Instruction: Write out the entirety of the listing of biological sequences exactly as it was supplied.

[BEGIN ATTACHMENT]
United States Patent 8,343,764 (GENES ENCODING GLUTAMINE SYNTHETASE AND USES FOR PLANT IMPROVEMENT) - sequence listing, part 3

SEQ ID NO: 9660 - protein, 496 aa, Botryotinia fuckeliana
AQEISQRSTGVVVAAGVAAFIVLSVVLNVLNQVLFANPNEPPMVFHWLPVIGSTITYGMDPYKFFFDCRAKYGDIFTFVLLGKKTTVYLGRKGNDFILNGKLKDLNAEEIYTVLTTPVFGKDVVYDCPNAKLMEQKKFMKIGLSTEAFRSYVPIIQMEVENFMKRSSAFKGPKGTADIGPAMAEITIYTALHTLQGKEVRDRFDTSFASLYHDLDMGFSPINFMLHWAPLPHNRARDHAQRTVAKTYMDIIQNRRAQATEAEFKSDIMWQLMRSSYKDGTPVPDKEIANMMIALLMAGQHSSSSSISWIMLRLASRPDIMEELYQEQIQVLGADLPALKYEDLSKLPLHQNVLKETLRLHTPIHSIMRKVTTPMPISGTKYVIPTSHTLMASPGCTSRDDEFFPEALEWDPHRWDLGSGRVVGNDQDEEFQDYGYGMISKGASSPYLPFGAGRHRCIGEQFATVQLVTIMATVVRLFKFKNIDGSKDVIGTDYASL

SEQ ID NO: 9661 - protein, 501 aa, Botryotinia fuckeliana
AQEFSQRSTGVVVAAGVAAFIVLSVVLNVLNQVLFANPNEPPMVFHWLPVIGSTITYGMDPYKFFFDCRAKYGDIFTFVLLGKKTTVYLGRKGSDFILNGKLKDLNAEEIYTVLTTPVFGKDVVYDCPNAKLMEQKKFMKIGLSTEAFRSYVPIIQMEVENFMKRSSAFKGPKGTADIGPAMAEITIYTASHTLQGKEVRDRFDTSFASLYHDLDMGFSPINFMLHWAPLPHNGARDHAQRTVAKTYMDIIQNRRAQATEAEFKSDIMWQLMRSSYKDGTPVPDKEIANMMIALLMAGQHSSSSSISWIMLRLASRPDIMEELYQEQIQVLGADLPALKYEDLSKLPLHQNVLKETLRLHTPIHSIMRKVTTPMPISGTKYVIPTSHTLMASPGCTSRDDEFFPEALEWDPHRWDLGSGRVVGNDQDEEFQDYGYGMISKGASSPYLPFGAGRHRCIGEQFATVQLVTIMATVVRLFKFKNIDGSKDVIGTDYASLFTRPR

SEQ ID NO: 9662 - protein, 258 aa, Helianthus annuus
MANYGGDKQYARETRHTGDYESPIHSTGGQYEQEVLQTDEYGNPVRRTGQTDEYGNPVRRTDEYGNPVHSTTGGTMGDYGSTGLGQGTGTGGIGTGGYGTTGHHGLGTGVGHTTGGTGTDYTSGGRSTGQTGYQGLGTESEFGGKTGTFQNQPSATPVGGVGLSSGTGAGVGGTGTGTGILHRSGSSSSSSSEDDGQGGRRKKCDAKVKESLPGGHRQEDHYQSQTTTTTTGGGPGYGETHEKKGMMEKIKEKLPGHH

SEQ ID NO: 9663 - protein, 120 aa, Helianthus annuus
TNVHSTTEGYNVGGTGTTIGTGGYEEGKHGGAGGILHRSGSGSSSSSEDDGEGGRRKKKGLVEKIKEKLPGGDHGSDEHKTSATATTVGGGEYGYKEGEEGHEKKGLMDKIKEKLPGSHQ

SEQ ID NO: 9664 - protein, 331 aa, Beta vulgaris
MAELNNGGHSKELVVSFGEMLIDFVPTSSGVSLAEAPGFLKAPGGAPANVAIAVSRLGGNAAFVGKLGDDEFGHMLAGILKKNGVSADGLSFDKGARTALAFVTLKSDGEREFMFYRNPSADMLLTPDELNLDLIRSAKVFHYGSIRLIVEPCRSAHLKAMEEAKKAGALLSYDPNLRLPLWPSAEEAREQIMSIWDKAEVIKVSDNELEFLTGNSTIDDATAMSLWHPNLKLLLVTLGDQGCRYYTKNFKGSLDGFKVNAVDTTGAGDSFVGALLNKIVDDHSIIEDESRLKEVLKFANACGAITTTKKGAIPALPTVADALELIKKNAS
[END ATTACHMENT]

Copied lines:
United States Patent 8,343,764 (GENES ENCODING GLUTAMINE SYNTHETASE AND USES FOR PLANT IMPROVEMENT) - sequence listing, part 3

SEQ ID NO: 9660 - protein, 496 aa, Botryotinia fuckeliana
AQEISQRSTGVVVAAGVAAFIVLSVVLNVLNQVLFANPNEPPMVFHWLPVIGSTITYGMDPYKFFFDCRAKYGDIFTFVLLGKKTTVYLGRKGNDFILNGKLKDLNAEEIYTVLTTPVFGKDVVYDCPNAKLMEQKKFMKIGLSTEAFRSYVPIIQMEVENFMKRSSAFKGPKGTADIGPAMAEITIYTALHTLQGKEVRDRFDTSFASLYHDLDMGFSPINFMLHWAPLPHNRARDHAQRTVAKTYMDIIQNRRAQATEAEFKSDIMWQLMRSSYKDGTPVPDKEIANMMIALLMAGQHSSSSSISWIMLRLASRPDIMEELYQEQIQVLGADLPALKYEDLSKLPLHQNVLKETLRLHTPIHSIMRKVTTPMPISGTKYVIPTSHTLMASPGCTSRDDEFFPEALEWDPHRWDLGSGRVVGNDQDEEFQDYGYGMISKGASSPYLPFGAGRHRCIGEQFATVQLVTIMATVVRLFKFKNIDGSKDVIGTDYASL

SEQ ID NO: 9661 - protein, 501 aa, Botryotinia fuckeliana
AQEFSQRSTGVVVAAGVAAFIVLSVVLNVLNQVLFANPNEPPMVFHWLPVIGSTITYGMDPYKFFFDCRAKYGDIFTFVLLGKKTTVYLGRKGSDFILNGKLKDLNAEEIYTVLTTPVFGKDVVYDCPNAKLMEQKKFMKIGLSTEAFRSYVPIIQMEVENFMKRSSAFKGPKGTADIGPAMAEITIYTASHTLQGKEVRDRFDTSFASLYHDLDMGFSPINFMLHWAPLPHNGARDHAQRTVAKTYMDIIQNRRAQATEAEFKSDIMWQLMRSSYKDGTPVPDKEIANMMIALLMAGQHSSSSSISWIMLRLASRPDIMEELYQEQIQVLGADLPALKYEDLSKLPLHQNVLKETLRLHTPIHSIMRKVTTPMPISGTKYVIPTSHTLMASPGCTSRDDEFFPEALEWDPHRWDLGSGRVVGNDQDEEFQDYGYGMISKGASSPYLPFGAGRHRCIGEQFATVQLVTIMATVVRLFKFKNIDGSKDVIGTDYASLFTRPR

SEQ ID NO: 9662 - protein, 258 aa, Helianthus annuus
MANYGGDKQYARETRHTGDYESPIHSTGGQYEQEVLQTDEYGNPVRRTGQTDEYGNPVRRTDEYGNPVHSTTGGTMGDYGSTGLGQGTGTGGIGTGGYGTTGHHGLGTGVGHTTGGTGTDYTSGGRSTGQTGYQGLGTESEFGGKTGTFQNQPSATPVGGVGLSSGTGAGVGGTGTGTGILHRSGSSSSSSSEDDGQGGRRKKCDAKVKESLPGGHRQEDHYQSQTTTTTTGGGPGYGETHEKKGMMEKIKEKLPGHH

SEQ ID NO: 9663 - protein, 120 aa, Helianthus annuus
TNVHSTTEGYNVGGTGTTIGTGGYEEGKHGGAGGILHRSGSGSSSSSEDDGEGGRRKKKGLVEKIKEKLPGGDHGSDEHKTSATATTVGGGEYGYKEGEEGHEKKGLMDKIKEKLPGSHQ

SEQ ID NO: 9664 - protein, 331 aa, Beta vulgaris
MAELNNGGHSKELVVSFGEMLIDFVPTSSGVSLAEAPGFLKAPGGAPANVAIAVSRLGGNAAFVGKLGDDEFGHMLAGILKKNGVSADGLSFDKGARTALAFVTLKSDGEREFMFYRNPSADMLLTPDELNLDLIRSAKVFHYGSIRLIVEPCRSAHLKAMEEAKKAGALLSYDPNLRLPLWPSAEEAREQIMSIWDKAEVIKVSDNELEFLTGNSTIDDATAMSLWHPNLKLLLVTLGDQGCRYYTKNFKGSLDGFKVNAVDTTGAGDSFVGALLNKIVDDHSIIEDESRLKEVLKFANACGAITTTKKGAIPALPTVADALELIKKNAS